Forest Preserve seeks Joliet Iron Works artifacts for fall exhibit
If you have artifacts from the Joliet Iron Works site, especially 3D items, Forest Preserve staff would like you to consider donating or loaning the items to the District in time for a fall exhibit.
Joliet Iron Works was the site of an iron manufacturing facility from the late 1800s to the early 1900s. The remnants of the manufacturing buildings – which are located on Columbia Street, east of Route 53/Scott Street, in Joliet – have been preserved by the District as part of the Joliet Iron Works Historic Site.
The majority of the Forest Preserve’s artifact collection from Joliet Iron Works consists of photographs.
“These photographs show former employees, employee outings, machinery and structures on site, and renovations of the mill,” said Amy Haller, a program coordinator at Isle a la Cache Museum.
“We also have a handful of 3D artifacts such as a pig iron ingot, bound books of the plant’s monthly newsletter known as ‘The Mixer,’ an 1887 time ledger from the nail department, engineering books from former employees and a 1890 railroad track,” she added.
Museum staff would like more of the 3D items.
“While we wouldn’t say no to more photographs, we are really hoping for more 3D artifacts, especially those made directly from the Joliet mill,” Haller explained. “Some examples are rails, wire, rods, nails, bolts, fencing or tools. Preferably, we would like items stamped with the steel company’s name or logo, or any employee or customer promotional items. We are interested in anything that has the steel company’s name or logo on it.”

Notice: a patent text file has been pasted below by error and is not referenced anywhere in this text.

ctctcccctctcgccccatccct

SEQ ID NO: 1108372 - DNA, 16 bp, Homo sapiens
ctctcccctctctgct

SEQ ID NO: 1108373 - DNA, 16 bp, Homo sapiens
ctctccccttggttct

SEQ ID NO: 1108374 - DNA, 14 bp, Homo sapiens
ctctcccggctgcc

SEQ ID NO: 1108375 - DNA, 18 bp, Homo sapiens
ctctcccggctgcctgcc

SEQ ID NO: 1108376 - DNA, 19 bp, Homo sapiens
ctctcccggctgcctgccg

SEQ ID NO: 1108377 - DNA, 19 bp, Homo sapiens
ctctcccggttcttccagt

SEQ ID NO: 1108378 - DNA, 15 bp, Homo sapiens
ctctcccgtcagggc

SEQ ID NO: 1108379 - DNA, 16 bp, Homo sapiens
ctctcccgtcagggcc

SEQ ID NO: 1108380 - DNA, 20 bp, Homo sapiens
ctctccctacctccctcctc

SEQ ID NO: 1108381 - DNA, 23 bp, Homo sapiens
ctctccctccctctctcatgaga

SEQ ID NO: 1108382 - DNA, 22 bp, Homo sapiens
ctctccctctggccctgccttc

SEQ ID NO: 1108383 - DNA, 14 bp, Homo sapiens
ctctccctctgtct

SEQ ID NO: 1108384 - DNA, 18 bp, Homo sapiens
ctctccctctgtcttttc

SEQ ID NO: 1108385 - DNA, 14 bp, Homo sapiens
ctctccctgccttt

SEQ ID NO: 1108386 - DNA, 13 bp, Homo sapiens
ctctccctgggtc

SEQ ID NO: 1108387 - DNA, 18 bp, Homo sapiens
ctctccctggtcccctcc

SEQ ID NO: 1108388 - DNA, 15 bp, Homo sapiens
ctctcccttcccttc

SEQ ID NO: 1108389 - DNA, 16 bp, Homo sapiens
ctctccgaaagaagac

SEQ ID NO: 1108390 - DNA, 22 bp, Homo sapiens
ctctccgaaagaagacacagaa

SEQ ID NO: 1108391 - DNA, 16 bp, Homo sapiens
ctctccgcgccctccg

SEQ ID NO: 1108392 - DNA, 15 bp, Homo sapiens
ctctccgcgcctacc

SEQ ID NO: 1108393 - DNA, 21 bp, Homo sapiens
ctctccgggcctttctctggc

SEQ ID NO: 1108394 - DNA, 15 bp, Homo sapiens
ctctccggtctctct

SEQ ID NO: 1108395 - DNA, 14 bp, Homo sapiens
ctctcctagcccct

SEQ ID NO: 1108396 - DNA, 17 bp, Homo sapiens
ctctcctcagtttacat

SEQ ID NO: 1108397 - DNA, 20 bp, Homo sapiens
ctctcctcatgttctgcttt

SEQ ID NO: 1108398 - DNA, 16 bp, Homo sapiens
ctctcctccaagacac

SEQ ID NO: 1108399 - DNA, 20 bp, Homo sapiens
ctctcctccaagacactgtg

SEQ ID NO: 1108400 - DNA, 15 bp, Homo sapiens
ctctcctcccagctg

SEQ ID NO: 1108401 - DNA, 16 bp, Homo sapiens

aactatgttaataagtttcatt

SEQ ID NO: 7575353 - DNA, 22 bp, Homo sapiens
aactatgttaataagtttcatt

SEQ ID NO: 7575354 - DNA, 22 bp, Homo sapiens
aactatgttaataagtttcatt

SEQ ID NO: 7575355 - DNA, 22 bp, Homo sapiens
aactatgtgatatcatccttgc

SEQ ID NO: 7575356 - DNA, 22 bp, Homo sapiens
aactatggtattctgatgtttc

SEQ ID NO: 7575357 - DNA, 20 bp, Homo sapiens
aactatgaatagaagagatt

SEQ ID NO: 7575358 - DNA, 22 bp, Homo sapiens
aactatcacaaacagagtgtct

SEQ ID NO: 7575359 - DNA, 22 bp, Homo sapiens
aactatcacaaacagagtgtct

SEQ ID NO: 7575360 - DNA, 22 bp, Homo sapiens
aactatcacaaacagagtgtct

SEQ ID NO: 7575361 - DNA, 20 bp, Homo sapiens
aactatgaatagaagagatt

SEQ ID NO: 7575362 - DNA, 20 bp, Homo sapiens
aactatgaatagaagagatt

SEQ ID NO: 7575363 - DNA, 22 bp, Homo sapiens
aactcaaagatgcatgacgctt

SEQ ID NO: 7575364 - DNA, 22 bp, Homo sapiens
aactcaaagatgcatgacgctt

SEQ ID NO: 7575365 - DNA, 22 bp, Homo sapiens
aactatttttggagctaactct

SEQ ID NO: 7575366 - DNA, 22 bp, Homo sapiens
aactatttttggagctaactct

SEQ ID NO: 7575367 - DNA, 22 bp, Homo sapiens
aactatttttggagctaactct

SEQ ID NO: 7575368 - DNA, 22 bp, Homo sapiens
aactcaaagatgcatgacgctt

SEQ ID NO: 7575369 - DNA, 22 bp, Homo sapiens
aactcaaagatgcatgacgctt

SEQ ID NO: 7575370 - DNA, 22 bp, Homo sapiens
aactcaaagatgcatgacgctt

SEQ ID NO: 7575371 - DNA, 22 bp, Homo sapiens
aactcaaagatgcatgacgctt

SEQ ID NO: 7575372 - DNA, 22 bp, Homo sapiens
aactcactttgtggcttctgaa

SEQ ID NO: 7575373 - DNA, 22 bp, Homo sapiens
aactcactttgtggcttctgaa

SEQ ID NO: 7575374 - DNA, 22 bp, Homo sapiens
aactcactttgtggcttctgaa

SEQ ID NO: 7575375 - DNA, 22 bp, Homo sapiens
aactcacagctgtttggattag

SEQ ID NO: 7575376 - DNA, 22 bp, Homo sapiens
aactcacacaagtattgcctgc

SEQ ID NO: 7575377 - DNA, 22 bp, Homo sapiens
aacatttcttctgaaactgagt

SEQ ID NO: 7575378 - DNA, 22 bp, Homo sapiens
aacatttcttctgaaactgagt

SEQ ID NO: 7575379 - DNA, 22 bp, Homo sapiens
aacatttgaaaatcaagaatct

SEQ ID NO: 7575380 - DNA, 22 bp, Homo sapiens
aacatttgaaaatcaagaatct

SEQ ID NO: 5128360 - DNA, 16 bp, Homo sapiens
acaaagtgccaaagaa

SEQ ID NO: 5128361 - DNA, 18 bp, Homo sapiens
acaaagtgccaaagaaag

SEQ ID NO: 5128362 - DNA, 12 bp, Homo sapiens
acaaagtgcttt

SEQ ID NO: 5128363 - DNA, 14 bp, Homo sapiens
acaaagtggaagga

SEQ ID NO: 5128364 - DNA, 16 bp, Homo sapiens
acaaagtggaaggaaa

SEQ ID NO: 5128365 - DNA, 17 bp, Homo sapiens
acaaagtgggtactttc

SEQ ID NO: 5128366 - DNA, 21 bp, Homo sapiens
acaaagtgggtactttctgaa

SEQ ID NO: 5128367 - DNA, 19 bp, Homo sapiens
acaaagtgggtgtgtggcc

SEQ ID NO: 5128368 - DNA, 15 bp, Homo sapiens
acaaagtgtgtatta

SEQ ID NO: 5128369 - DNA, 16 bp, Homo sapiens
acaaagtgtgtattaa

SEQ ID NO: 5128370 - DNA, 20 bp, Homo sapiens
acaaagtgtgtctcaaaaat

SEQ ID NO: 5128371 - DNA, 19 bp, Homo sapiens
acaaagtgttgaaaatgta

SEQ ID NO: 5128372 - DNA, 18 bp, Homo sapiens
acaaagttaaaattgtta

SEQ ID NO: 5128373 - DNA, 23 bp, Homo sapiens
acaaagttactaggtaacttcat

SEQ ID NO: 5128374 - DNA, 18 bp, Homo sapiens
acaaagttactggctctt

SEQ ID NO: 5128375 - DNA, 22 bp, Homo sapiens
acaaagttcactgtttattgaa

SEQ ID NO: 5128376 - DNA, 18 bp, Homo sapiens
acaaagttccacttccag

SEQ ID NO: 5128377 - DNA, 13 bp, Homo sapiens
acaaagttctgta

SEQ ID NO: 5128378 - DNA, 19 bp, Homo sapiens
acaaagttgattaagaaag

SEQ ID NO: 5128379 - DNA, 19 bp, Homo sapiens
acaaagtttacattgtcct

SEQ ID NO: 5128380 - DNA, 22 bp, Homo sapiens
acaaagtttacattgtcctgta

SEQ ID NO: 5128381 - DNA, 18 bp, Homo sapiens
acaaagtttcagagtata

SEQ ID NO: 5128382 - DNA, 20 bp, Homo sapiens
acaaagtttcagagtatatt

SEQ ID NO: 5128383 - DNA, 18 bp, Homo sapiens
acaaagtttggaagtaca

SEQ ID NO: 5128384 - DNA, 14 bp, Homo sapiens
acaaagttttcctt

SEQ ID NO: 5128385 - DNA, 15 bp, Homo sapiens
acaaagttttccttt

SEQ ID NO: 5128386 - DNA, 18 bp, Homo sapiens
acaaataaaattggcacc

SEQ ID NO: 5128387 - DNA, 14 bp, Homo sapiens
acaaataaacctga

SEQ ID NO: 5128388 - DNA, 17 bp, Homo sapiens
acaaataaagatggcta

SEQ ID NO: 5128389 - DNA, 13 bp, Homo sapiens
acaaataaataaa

Here are the names of the companies that owned the mill throughout its history: Union Coal & Transportation Co., Joliet Steel Works, Joliet Iron & Steel, Joliet Steel Co., Illinois Steel, Carnegie Steel, U.S. Steel, Federal Steel, American Steel & Wire and Birmingham Steel Corp.
Bringing the site to life
While the Joliet Iron Works Historic Site preserves the large building remnants of the old steel mill, these smaller items will help tell the story of this massive factory that employed thousands of people while it was operational.
“We interpret the site through public tours and exhibitions, but anyone who visits needs a little imagination to visualize the ruins in their heyday,” said Jenna Krukowski, an interpretive naturalist at Isle a la Cache Museum. “While we can’t rebuild the original blast furnaces, we can use artifacts to bring the site to life. Objects have their own part in a larger story that tells when an object was made, where it was transported and how it was used.”
The artifacts also will show the manufacturing plant's influence, not only on Will County but on the country, she added.
“After all, Joliet Iron Works was just behind Pittsburgh in terms of steel production,” Krukowski added. “And objects humanize the Joliet Iron Works story. It makes us wonder: Who made the item? Who used it? How many workers touched this item from the beginning to end of production?”
Gathering these items in one spot also will highlight the people who made the items and where they came from, Krukowski said.
“Thousands of immigrants poured into the Joliet area in search of work at the mill or factories that were directly linked to the industry,” she said. “Many residents today can trace their existence here to one of those immigrants. Displaying these items is a tangible way to connect us back to history that less and less people have firsthand memory of.”
For questions or submissions, contact Isle a la Cache at [email protected] or 815-722-9301. Items that will not be accepted are personal items or photographs of family members outside of Joliet Iron Works. Based on our inventory, size of the artifact, condition, and site relatability, we may not accept all artifacts.